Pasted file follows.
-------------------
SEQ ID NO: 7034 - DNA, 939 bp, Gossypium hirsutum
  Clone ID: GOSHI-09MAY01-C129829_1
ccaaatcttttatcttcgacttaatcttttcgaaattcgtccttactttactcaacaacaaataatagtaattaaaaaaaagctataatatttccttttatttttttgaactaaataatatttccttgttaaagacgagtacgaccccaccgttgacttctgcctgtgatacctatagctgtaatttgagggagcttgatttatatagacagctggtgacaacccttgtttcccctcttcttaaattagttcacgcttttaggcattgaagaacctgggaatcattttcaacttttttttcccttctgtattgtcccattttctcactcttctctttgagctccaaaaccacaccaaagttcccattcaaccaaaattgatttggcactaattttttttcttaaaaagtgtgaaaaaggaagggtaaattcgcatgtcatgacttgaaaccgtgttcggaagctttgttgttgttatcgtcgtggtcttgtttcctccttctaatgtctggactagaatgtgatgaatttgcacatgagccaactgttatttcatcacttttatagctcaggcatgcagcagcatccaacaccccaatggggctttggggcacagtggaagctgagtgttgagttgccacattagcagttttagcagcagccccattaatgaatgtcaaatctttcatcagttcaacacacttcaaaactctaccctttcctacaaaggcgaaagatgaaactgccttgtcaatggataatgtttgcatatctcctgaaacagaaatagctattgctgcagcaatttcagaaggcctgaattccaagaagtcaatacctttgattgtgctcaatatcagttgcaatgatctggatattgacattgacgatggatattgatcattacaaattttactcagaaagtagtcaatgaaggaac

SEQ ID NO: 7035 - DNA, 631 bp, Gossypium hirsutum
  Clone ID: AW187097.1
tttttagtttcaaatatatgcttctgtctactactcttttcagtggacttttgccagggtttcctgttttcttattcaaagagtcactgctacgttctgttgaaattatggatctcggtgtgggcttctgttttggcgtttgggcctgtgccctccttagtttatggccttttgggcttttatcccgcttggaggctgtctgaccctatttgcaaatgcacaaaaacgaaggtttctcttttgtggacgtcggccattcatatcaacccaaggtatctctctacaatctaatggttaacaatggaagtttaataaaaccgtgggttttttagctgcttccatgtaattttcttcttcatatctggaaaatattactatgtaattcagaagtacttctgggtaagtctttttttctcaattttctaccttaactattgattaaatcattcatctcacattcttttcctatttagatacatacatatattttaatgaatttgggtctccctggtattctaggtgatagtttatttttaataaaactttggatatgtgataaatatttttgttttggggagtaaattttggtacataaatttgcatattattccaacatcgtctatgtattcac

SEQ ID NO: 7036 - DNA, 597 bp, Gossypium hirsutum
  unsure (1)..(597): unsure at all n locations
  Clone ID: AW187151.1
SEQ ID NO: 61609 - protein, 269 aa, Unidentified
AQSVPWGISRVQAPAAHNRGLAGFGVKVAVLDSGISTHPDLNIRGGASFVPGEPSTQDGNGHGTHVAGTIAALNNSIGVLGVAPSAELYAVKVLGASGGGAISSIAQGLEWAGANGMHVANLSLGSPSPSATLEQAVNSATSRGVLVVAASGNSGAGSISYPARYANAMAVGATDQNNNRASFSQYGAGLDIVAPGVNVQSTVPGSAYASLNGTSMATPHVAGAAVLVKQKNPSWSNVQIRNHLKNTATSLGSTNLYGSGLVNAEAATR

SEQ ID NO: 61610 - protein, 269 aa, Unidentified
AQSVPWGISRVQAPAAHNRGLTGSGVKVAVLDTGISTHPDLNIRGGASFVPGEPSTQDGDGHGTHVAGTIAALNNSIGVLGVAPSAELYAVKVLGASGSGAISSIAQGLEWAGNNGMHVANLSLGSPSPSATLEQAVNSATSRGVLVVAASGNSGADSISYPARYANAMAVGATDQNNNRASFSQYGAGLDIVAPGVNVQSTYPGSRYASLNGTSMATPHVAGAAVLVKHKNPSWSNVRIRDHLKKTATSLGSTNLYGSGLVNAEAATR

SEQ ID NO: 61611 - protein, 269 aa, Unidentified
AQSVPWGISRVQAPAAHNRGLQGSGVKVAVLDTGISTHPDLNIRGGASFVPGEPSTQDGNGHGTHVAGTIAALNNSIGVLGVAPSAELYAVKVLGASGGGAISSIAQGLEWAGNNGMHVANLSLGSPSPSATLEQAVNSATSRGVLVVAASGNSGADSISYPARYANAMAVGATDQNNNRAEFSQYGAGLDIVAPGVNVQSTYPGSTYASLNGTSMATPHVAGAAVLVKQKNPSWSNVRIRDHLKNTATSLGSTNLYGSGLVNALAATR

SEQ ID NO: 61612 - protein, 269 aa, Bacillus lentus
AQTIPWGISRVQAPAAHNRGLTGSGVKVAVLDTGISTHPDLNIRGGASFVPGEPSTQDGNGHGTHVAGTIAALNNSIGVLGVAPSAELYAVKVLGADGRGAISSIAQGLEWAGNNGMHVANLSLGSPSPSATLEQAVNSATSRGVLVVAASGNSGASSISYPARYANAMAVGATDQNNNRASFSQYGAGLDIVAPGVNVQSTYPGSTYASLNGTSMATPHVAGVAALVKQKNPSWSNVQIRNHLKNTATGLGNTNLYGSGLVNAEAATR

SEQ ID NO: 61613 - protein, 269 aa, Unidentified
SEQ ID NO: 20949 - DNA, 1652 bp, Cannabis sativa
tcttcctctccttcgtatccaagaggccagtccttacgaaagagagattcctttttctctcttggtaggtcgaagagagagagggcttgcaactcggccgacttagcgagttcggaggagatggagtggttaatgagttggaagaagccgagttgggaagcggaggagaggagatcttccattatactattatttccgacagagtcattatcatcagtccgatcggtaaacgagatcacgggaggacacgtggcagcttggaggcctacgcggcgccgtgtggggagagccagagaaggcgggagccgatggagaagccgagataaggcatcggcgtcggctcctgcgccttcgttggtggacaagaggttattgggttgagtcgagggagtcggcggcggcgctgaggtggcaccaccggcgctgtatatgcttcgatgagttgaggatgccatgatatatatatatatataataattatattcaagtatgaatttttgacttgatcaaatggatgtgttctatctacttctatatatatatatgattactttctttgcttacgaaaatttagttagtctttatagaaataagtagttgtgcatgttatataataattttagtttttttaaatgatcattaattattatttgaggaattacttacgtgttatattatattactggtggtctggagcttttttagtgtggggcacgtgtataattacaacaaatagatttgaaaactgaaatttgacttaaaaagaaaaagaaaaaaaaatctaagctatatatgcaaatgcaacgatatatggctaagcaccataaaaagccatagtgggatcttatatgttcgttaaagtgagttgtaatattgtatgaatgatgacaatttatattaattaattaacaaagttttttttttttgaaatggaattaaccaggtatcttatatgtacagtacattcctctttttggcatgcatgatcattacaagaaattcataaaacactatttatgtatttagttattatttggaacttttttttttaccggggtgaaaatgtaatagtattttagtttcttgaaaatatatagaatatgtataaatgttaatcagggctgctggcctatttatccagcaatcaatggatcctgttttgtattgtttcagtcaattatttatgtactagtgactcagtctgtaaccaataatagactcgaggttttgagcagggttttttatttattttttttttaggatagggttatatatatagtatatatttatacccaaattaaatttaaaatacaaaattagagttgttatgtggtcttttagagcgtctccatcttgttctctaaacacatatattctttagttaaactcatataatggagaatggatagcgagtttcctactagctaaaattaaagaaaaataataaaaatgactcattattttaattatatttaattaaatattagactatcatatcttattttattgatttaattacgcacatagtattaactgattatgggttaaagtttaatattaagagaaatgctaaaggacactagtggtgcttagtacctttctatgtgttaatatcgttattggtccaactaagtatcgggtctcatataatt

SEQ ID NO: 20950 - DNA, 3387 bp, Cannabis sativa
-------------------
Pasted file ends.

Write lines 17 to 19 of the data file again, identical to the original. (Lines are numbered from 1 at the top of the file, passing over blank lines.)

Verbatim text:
AQTIPWGISRVQAPAAHNRGLTGSGVKVAVLDTGISTHPDLNIRGGASFVPGEPSTQDGNGHGTHVAGTIAALNNSIGVLGVAPSAELYAVKVLGADGRGAISSIAQGLEWAGNNGMHVANLSLGSPSPSATLEQAVNSATSRGVLVVAASGNSGASSISYPARYANAMAVGATDQNNNRASFSQYGAGLDIVAPGVNVQSTYPGSTYASLNGTSMATPHVAGVAALVKQKNPSWSNVQIRNHLKNTATGLGNTNLYGSGLVNAEAATR

SEQ ID NO: 61613 - protein, 269 aa, Unidentified
SEQ ID NO: 20949 - DNA, 1652 bp, Cannabis sativa